Putting aside any subversive intent 😉 , faith does not fit into the dialect of the real vs. unreal that underlies Simon’s philosophical dilemma at all, not in a Christian context. In the modern context faith is unreal – it is a mere psychosomatic phenomenon of a bio/chemical brain…

  82. Fr. Stephen, this piece brings to mind the passage I recently read in “Orthodoxy” by GK Chesterton, in which pessimism and optimism are compared and contrasted, and finally rejected as neither being full or radical enough. The pessimist accepts the faults, and the optimist denies & justifies. GKC says that we should rather love a thing prior to it’s loveliness, in order that the faults may be eradicated and something beautiful may be made. His example is that Rome was built because it was loved, not loved because it was built. And I don’t believe this utopianism any more than almsgiving is utopianism.

    The temptation is there for Orthodox Christians to either accept these faults of our churches, or to justify them or pretend they aren’t there, or at least aren’t really all that bad. Per Chesterton, the salvific work happens somewhere between and beyond these two options. Neither option is motivated by love, but by self-concern. Love drives us to accept the whole Orthodox package, as you have said, without shame (or rather, while accepting whatever shame may come)

  83. I hear noise being made about divine nature and human nature, I hear noise being made about a divine will and a human will. What about persohood? Was Christ a divine or human person or both. He had a divine will and a human will…he had a divine nature and a human nature…so did he have a divine persnhood and a human personhood??

  84. Christopher, I dont have a dilemma. Im not confused. I dont have a metaphysic. When the church engages in speculation it is engaging in fantasy. And unless there is evidence that can be observed there is no reason to think of the fantasies and metaphysics of philosophers and theologians as having any value because there is no reason to believe these are real. Im sorry, but its too much fantasy land for my comfort.

  85. Simon, while the term “nature” may be incorrect, each created thing has it’s own specfic logos or identity. Our human logos has been assumed into the Logos. It is different than the other created things/animals. Our creation is different.

    As a result we have access to a mind that is beyond our creator mind and MAY not require our brain to be the sole intermediary. Certainly the nous, whatever it may be, is the locus of our connectedness with the Person of Jesus Christ … At least in it’s fullness.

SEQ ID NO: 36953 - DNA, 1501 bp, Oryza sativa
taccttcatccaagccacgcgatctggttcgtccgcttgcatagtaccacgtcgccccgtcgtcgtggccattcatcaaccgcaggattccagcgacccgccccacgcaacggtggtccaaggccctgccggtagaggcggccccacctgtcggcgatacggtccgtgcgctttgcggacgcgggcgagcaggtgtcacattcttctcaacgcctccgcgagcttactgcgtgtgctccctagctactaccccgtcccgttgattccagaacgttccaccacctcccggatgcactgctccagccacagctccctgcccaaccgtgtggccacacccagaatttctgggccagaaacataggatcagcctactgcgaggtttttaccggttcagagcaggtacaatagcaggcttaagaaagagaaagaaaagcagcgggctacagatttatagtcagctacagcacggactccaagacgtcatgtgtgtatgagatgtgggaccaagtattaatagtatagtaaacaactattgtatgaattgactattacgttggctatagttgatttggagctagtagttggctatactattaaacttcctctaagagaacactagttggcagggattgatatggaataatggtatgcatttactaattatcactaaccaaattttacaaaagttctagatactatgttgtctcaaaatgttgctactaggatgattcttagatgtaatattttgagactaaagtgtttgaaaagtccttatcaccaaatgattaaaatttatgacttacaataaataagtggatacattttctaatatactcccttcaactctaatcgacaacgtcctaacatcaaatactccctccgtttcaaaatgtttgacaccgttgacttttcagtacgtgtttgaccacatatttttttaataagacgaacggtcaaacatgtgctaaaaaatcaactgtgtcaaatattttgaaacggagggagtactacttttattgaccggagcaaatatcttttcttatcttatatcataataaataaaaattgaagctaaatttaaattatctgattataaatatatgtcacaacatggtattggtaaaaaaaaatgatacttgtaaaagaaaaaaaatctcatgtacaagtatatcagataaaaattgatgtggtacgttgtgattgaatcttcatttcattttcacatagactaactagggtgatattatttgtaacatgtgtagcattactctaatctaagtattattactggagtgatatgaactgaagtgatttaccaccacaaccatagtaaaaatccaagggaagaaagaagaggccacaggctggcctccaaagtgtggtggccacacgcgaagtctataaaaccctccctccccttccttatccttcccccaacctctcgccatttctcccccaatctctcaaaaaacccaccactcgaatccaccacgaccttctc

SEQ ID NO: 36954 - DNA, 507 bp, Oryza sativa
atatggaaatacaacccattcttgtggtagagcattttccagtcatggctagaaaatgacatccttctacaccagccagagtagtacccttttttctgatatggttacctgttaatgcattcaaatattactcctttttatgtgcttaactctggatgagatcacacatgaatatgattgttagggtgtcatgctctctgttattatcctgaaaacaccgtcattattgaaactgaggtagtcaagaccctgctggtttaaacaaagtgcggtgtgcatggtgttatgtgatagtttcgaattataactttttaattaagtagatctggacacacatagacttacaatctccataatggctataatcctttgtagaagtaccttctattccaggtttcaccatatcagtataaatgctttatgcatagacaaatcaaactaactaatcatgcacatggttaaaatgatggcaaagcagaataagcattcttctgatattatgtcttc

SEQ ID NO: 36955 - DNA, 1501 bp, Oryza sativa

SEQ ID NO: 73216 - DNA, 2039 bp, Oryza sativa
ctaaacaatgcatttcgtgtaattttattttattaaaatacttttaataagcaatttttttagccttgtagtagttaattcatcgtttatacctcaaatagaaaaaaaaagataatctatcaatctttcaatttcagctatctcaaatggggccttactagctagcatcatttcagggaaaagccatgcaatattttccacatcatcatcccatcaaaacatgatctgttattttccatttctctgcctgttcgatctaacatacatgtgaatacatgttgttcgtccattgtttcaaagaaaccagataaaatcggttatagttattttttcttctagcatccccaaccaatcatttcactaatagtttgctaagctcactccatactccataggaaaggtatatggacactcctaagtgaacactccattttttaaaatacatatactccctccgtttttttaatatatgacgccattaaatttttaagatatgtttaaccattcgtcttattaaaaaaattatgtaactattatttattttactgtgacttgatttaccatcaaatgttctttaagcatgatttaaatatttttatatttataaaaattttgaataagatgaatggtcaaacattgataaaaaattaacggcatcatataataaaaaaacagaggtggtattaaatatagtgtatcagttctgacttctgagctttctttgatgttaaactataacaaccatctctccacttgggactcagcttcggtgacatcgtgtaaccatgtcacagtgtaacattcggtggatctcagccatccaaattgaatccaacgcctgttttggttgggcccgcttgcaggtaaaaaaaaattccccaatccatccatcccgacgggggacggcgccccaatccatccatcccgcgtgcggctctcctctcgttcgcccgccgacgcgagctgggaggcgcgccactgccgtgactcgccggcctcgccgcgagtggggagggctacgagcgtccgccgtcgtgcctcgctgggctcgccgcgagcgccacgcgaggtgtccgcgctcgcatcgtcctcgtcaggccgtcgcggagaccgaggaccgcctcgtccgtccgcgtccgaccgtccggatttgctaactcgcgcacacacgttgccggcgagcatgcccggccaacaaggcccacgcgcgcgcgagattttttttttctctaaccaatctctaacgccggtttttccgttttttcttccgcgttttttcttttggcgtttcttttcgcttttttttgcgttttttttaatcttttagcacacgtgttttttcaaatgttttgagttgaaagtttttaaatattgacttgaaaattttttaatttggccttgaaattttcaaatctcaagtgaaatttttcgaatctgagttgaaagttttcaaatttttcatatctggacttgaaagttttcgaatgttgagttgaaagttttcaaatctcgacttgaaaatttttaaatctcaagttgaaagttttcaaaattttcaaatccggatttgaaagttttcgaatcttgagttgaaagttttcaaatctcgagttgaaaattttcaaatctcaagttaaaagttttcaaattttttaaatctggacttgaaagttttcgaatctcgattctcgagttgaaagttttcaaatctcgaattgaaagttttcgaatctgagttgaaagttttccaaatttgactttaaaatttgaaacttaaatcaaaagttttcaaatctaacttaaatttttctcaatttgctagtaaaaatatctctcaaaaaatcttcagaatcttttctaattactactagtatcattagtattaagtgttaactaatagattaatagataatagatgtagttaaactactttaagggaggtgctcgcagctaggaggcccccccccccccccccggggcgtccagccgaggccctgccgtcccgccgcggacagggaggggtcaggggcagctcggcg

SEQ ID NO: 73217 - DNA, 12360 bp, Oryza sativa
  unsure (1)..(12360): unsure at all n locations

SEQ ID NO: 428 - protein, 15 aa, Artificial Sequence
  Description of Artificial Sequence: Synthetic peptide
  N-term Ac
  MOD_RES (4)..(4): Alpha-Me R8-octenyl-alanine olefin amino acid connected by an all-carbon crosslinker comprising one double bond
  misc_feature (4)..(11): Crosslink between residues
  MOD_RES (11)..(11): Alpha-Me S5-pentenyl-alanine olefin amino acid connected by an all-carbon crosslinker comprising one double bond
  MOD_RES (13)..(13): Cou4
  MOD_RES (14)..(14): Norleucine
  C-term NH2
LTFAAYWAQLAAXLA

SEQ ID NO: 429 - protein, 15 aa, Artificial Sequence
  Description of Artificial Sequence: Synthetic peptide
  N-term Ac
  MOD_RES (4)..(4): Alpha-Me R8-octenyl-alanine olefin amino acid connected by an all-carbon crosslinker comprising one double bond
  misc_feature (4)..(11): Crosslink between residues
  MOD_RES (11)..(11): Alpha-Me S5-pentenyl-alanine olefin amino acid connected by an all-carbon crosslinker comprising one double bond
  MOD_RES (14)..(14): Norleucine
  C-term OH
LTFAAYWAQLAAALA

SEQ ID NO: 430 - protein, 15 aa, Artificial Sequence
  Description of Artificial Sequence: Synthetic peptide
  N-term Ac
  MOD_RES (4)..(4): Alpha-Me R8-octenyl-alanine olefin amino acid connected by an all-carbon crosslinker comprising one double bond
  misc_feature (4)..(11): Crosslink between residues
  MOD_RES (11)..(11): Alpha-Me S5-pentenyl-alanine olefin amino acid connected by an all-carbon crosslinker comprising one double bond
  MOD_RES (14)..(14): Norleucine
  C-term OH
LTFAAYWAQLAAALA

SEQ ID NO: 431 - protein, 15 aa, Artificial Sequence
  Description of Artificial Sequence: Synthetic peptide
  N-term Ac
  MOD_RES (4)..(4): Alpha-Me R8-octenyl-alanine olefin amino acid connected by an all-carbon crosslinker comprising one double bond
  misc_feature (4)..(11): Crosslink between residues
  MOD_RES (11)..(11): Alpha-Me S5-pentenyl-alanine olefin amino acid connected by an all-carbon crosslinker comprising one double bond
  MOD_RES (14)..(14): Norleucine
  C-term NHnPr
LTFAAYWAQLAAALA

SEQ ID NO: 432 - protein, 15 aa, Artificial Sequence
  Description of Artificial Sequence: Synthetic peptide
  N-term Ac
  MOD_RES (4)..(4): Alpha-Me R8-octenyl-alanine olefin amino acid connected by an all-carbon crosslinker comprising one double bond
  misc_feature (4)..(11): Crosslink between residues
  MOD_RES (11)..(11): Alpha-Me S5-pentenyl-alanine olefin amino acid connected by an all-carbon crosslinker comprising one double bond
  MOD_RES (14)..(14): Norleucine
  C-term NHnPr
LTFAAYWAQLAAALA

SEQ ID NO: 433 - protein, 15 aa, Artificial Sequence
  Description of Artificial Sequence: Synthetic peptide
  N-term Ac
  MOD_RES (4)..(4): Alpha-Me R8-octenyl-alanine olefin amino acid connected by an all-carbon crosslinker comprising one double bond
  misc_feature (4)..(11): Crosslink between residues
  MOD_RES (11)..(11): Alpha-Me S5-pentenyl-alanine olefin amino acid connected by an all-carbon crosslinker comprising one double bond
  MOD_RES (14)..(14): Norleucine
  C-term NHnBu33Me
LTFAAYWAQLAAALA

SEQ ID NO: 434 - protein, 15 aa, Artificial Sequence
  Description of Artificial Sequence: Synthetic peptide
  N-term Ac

It may be just a pious hope but I think there is a significant possibility for a knowing and genuine commuionn with our Lord even when the brain is empirically and existentially not functioning in a normal cognitive manner.

  86. I love the confession said out loud by all during the Orthodoxy liturgy “….sinners, of whom I am chief”
    I must reconcile that it truly applies to me, and literally so. This is the good news of the Gospel.

  87. That’s quite a few valuable comments gone Father!
    There were some real ‘gems’ (of stunted life-span) in there, and am also concerned that such volatility can dissuade meaty comments in future.
    I’m sure there’ll be many chances again for both, as always though…

  88. I’m grateful for your mediation Father. Blessed feast day of the Elevation of the Cross. You bind our wounds and broken hearts. Thank you so much. Have a wonderful rest and in the mean time, we’ll do our best to behave ourselves. 😊

  89. It is only natural that the Church reflects our disorder. A “perfect” Church would be inhuman I think. The Church must also have the vital core of Divine life to prevent our disorder from overwhelming everything

  90. Fr. To me the only thing that allows the Church to continue is the reality of the Incarnation. Otherwise she would be just another human institution. Unfortunately that is how she is thought of most of the time.

  91. E.C. Not to be contentious but is not a bumper sticker a mainstay of Anglo-Bourgeoisr piety, especially secular piety?

  92. To all, to Simon and Christopher,
    Yesterday was an example of raging Orthodox incompetence – with me as the exemplar! I was traveling, tired and unable to comment. I got frustrated and deleted a conversation-string. And then I called it “hijacking.”